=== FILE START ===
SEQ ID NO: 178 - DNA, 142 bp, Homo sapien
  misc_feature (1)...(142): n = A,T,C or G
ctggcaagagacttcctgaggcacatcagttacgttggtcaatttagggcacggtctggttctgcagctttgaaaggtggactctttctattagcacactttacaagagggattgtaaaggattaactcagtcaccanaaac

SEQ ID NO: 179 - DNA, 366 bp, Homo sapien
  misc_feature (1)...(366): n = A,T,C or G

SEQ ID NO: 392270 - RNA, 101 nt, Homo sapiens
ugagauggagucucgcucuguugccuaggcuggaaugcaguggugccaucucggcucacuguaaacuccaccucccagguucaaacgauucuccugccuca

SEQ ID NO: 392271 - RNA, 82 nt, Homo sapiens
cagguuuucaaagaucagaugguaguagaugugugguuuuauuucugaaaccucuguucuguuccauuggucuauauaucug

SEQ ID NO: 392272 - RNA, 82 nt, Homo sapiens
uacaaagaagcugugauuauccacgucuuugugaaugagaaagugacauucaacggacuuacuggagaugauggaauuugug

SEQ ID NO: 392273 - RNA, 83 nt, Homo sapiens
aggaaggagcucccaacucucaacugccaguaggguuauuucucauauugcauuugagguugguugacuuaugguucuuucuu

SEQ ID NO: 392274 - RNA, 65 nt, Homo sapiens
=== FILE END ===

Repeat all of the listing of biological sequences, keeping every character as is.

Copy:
SEQ ID NO: 178 - DNA, 142 bp, Homo sapien
  misc_feature (1)...(142): n = A,T,C or G
ctggcaagagacttcctgaggcacatcagttacgttggtcaatttagggcacggtctggttctgcagctttgaaaggtggactctttctattagcacactttacaagagggattgtaaaggattaactcagtcaccanaaac

SEQ ID NO: 179 - DNA, 366 bp, Homo sapien
  misc_feature (1)...(366): n = A,T,C or G

SEQ ID NO: 392270 - RNA, 101 nt, Homo sapiens
ugagauggagucucgcucuguugccuaggcuggaaugcaguggugccaucucggcucacuguaaacuccaccucccagguucaaacgauucuccugccuca

SEQ ID NO: 392271 - RNA, 82 nt, Homo sapiens
cagguuuucaaagaucagaugguaguagaugugugguuuuauuucugaaaccucuguucuguuccauuggucuauauaucug

SEQ ID NO: 392272 - RNA, 82 nt, Homo sapiens
uacaaagaagcugugauuauccacgucuuugugaaugagaaagugacauucaacggacuuacuggagaugauggaauuugug

SEQ ID NO: 392273 - RNA, 83 nt, Homo sapiens
aggaaggagcucccaacucucaacugccaguaggguuauuucucauauugcauuugagguugguugacuuaugguucuuucuu

SEQ ID NO: 392274 - RNA, 65 nt, Homo sapiens